Jan. 26, 2006 – "For me, it is all about creating more hotel rooms for St. Croix," Sen. Usie R. Richards said when discussing a bill he recently ushered through the Legislature and that was signed into law by Gov. Charles Turnbull Thursday.
The bill authorizes the government to acquire the property at 58 and 58A King Street in Christiansted — the old Anchor Hotel property. Turnbull, in a press release, said the acquisition would help the economic revitalization of St. Croix.
The property is currently in a state of disrepair. The last known residents of the hotel were employees of Hovensa who moved out almost three years ago. Neighbors report that the homeless often use the building, and police have been called for problems. The swimming pool in front of the hotel catches rainwater, along with Heineken beer bottles and wrappers from fast food restaurants. The bill requesting funds to make the purchase says the building is infested with rodents.
The major impetus behind Richards' bill, however, is that the old Anchor Hotel property is adjacent to the Kings Alley Hotel, which the bill says is "a property being developed by the Public Finance Authority to assist in the economic development of Christiansted." The new hotel is to be called Sea Island.
When Kenneth Mapp, director of Finance and Administration for the PFA, gave members of the St. Croix Tourism & Hotel Association an update on the project in November, he predicted the new hotel would be open to catch the end of this tourism season.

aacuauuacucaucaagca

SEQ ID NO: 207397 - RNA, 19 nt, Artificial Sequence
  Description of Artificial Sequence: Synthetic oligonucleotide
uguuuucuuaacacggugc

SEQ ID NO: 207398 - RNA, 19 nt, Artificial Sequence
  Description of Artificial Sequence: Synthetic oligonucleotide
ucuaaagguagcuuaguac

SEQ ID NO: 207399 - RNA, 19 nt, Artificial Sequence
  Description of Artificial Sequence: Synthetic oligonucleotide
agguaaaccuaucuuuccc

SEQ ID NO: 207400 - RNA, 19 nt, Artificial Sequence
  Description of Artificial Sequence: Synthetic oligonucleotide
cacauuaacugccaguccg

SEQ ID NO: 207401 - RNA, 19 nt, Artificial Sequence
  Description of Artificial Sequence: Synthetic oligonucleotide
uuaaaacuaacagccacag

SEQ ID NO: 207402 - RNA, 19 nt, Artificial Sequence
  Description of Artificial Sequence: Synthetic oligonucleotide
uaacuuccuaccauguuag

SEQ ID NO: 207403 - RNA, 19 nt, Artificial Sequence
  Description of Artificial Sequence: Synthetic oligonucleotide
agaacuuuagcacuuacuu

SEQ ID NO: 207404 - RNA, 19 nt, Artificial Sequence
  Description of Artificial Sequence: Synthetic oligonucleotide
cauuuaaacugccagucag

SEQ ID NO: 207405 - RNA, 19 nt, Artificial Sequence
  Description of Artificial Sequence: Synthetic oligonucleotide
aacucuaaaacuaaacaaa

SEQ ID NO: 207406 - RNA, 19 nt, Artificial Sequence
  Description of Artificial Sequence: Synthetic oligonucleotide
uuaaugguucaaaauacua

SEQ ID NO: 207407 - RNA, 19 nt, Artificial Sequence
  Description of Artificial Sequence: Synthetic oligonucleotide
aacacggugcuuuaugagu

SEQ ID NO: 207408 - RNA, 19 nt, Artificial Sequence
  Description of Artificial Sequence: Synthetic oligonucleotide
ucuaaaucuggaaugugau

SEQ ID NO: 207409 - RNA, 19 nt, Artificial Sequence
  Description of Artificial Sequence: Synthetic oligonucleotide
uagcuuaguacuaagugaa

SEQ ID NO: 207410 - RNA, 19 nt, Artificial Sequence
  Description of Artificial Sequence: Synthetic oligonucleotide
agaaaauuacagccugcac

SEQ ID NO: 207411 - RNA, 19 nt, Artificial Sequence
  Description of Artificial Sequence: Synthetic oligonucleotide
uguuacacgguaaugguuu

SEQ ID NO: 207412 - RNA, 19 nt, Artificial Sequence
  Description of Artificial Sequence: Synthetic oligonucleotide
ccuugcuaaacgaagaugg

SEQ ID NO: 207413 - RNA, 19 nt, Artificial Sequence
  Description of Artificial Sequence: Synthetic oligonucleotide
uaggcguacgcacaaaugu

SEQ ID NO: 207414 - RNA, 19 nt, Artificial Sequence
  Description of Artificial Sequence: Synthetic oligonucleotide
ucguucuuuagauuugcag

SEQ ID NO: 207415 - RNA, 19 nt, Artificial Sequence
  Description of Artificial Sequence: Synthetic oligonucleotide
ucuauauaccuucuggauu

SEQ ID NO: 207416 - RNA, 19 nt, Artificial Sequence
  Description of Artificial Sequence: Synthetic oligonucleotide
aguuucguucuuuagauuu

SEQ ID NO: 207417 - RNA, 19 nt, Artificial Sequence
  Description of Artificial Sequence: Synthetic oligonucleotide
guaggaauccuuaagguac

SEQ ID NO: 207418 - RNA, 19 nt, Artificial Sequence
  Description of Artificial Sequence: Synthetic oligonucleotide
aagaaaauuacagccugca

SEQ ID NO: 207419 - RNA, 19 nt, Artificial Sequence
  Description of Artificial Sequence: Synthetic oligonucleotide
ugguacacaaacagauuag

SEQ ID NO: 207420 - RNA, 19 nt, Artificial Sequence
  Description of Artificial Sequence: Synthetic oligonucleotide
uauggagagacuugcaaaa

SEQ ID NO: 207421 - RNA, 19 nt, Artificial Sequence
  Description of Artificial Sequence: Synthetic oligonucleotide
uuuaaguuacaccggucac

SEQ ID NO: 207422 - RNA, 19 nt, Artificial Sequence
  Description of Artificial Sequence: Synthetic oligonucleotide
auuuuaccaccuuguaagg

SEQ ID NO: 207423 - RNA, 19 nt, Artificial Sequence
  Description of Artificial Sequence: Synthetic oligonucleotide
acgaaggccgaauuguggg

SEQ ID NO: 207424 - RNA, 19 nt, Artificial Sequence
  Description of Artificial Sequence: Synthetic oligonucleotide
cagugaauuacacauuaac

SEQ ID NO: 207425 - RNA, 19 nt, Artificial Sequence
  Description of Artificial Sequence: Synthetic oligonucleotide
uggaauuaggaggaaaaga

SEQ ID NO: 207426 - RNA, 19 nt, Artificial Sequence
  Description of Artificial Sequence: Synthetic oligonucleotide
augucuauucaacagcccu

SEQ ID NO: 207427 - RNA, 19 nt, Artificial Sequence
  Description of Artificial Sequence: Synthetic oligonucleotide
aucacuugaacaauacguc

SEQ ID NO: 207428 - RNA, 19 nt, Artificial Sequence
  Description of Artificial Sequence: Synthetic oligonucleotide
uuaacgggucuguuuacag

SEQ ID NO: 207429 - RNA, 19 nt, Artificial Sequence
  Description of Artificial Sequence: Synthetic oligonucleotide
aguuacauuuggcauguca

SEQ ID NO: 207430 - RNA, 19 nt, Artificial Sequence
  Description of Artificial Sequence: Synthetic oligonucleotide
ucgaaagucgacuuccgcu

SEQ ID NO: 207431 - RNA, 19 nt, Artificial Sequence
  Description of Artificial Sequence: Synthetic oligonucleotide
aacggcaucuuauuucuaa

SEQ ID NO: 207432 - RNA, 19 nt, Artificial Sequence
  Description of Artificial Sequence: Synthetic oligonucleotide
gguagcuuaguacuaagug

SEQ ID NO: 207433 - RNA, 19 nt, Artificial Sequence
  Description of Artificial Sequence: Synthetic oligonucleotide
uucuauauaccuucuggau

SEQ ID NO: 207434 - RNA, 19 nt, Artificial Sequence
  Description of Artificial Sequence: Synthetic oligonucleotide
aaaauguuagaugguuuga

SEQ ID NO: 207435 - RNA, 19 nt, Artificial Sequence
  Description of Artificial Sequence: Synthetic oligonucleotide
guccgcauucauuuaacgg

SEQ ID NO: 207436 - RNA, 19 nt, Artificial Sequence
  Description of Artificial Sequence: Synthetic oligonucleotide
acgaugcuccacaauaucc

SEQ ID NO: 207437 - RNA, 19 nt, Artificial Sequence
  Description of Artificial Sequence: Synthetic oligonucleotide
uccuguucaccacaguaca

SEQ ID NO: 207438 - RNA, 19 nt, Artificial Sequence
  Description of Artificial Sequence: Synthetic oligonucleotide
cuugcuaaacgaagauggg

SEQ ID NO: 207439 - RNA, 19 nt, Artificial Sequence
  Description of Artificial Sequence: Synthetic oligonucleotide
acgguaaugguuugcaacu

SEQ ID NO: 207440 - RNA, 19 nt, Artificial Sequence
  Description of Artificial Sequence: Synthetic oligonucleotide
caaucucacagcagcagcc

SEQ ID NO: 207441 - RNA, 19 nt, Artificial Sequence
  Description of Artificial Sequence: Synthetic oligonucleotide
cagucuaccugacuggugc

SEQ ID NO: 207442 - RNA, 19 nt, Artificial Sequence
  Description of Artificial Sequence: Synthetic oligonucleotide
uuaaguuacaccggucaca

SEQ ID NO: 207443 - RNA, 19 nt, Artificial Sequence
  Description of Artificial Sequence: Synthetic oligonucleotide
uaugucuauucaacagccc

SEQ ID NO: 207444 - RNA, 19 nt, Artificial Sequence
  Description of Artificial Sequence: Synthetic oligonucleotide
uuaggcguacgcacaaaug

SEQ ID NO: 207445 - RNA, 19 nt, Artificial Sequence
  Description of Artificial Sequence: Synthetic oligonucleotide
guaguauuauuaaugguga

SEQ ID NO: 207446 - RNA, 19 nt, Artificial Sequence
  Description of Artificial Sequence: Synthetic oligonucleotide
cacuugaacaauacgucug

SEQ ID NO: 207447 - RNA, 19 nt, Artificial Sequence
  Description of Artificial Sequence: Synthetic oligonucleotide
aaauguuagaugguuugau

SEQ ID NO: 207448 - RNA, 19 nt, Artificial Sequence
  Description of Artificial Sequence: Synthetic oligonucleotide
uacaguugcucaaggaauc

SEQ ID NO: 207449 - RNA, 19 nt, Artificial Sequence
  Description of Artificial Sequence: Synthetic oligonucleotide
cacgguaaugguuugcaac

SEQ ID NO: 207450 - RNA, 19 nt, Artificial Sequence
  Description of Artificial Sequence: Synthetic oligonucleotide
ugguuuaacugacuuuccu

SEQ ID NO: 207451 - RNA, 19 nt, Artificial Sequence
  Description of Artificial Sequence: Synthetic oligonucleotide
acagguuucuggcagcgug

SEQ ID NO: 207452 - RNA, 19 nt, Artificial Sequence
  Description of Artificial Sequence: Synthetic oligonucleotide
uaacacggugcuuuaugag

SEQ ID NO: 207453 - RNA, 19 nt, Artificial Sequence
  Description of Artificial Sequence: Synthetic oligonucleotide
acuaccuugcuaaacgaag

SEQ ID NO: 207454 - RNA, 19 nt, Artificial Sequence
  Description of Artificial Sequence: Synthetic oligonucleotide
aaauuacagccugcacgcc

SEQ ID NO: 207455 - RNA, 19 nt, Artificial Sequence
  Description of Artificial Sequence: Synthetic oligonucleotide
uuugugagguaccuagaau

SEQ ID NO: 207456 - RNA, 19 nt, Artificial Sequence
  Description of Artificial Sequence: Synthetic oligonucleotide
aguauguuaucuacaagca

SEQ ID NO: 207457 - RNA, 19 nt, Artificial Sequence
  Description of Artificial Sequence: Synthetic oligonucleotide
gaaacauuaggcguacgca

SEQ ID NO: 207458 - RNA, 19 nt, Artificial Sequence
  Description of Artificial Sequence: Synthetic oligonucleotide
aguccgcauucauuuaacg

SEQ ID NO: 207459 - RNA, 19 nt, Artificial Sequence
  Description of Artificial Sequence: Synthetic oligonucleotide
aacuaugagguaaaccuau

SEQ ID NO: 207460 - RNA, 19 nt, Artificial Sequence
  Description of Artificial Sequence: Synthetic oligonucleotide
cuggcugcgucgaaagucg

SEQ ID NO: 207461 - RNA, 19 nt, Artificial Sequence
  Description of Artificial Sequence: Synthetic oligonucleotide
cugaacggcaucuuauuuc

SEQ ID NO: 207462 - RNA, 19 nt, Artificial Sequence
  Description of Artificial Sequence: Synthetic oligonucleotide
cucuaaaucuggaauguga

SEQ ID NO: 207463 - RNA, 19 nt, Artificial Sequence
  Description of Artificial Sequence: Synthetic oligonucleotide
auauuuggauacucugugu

However, progress on the project has been slow, and a business owner on the boardwalk wondered recently whether if it would be open for next tourist season. Mapp refused to return a half-dozen phone calls to his office requesting comment on the project.
The F.C. Pollara Group is slated to open and run Mango Bar and Grill at Sea Island.
The Group's Web site mentions R. Harvey Sasso, CEO of Coastal Systems International, who is involved in the planning of Phase II of Frederiksted's renovation, and Richard Lockhart, president Best Construction, Sunny Isles, who is general contractor for the project on the boardwalk, as partners in the development team.
Their Web page says, "We are never on island time, but rather are committed to construction cost management where time is always of the essence. As seasoned developers and investors, we are fully aware that time is money, and there is a huge mega-difference between island time and show time."
The new hotel includes 21 rooms owned by the government and 12 privately owned.
Diane Butler, president of the St. Croix Chamber of Commerce, said although the project is taking a long time to get done, "It is starting to look real good, and the government is to be commended for doing it."
She added that although she has reservations about the government being involved in running a hotel, "No one else was doing it."
Lt. Gov. Vargrave Richards is to be one of the speakers at the Chamber's meeting at the Cormorant next Tuesday at noon, and his topic is to be hotel development on St. Croix.
Butler said she expects him to provide an update on Sea Island, as well as William and Punch and other proposed developments.
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